STIFFNESS AND STRETCH
Any new shoe is going to require some level of breaking in and will stretch somewhat over time. Leather shoes such as the Mad Rock Drifter, La Sportiva Finale and Scarpa Helix will stretch, so plan accordingly when purchasing. The Five Ten Anasazi and the Evolv Defy/Elektra are synthetic and will not have much stretch so get as close to your fit as possible with these. Leather shoes also tend to be unlined, which allows for stretch compared to synthetic linings.
Rubber plays a huge role in climbing shoes and all rubber is not created equal. Rubber that sticks well is usually softer and less durable whereas harder rubber lasts longer. Soft rubber provides good friction for smearing, but unlike harder rubber, it will not edge as well. For new climbers or those doing long multi-pitch trad climbs, a harder, more durable rubber will be the better bet. You should also consider if the shoe can be resoled. This can save you time and money in the long run in not having to regularly purchase shoes and break them in. Learn more about the science of sticky rubber and the role it plays in climbing performance.
The three types of shoe closures are Velcro, laces, and slippers. Laces allow for better adjustments but can take longer to put on and take off than the other two, making them a better choice for all day, multi-pitch climbing.
Velcro can be tightened almost as well as laces and enables a quick on/off change. It’s a good choice for gym or sport climbing where you will frequently be going between climbing and street shoes. Velcro can also be convenient on multi-pitch climbs, where you can easily open the straps to give your feet a breather and not worry about taking them off and dropping them down the climb.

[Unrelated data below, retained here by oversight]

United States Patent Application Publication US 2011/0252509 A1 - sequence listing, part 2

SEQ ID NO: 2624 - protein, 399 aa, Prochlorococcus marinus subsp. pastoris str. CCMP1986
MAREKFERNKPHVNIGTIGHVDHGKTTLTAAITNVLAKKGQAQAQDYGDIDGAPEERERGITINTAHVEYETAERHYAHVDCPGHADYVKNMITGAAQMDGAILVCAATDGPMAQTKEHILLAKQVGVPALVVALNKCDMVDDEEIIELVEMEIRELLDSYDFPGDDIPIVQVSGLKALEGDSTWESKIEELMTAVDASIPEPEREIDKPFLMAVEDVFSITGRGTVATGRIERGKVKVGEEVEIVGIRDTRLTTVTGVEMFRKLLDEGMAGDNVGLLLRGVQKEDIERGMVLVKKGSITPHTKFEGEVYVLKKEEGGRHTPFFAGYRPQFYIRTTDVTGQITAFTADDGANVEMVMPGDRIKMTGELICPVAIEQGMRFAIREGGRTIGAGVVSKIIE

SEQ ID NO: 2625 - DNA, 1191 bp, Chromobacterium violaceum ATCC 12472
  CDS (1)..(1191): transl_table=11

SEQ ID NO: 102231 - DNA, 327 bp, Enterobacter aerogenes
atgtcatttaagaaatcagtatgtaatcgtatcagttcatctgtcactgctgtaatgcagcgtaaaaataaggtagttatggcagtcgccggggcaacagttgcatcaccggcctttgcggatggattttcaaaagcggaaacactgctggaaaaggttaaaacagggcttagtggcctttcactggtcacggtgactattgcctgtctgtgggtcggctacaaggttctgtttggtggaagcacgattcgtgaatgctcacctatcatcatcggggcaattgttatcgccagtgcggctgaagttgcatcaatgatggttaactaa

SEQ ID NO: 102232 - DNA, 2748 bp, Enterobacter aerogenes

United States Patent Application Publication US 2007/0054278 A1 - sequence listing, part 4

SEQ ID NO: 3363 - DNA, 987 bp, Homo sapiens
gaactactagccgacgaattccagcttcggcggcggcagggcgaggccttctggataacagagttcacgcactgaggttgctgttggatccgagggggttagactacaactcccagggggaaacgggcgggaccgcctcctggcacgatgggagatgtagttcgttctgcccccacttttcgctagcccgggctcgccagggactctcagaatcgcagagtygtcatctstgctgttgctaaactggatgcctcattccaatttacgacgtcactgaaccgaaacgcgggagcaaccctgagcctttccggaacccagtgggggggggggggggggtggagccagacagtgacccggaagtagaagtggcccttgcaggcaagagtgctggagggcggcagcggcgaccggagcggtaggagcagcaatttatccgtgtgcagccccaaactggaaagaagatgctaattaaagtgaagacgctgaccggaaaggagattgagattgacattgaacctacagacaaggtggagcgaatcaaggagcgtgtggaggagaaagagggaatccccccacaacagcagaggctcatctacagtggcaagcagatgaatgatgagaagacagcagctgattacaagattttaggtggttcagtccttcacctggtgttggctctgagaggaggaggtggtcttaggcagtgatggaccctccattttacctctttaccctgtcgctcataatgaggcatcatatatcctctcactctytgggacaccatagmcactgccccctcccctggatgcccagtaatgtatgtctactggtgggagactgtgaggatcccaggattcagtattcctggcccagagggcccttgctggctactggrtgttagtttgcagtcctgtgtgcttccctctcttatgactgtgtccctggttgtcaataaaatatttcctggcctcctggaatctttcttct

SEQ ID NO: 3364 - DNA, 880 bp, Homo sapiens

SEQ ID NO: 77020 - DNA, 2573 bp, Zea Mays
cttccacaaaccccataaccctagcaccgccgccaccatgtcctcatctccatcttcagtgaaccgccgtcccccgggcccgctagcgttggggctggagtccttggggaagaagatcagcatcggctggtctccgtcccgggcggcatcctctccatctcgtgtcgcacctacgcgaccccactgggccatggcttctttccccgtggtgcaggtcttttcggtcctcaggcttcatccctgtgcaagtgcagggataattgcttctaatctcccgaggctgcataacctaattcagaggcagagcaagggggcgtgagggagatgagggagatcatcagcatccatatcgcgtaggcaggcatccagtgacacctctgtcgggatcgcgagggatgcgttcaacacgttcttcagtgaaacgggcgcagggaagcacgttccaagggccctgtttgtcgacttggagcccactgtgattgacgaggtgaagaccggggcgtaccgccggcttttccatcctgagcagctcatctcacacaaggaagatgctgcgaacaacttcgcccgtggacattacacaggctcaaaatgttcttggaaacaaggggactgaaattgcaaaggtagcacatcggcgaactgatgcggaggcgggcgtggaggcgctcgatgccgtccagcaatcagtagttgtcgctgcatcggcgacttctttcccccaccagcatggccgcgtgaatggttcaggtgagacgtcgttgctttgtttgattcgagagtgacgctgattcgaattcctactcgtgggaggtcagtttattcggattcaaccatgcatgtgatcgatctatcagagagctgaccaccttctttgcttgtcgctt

Slippers are the easiest for on/off and are usually the most comfortable of the three systems. However, because they tend to be unlined and pretty basic, they are more often used in specialized areas like crack climbing.
If you are looking to climb hard and fast, every ounce may count, so it’s worthwhile to peek at shoe weight when purchasing. The material of the upper and the thickness of the rubber will contribute to weight. Weights will vary from the lighter Mad Rock Drifter to the more substantial Five Ten Anasazi.
The outer layer on the bottom of the shoe, which touches the ground.
Footbed of shoe where the foot actually rests.
The layer of rubber wrapping from the toes to the side of the shoe.
The entire front section of the shoe.
The section the heel sits in.
For more of our top climbing gear recommendations, check out these popular buyer’s guides: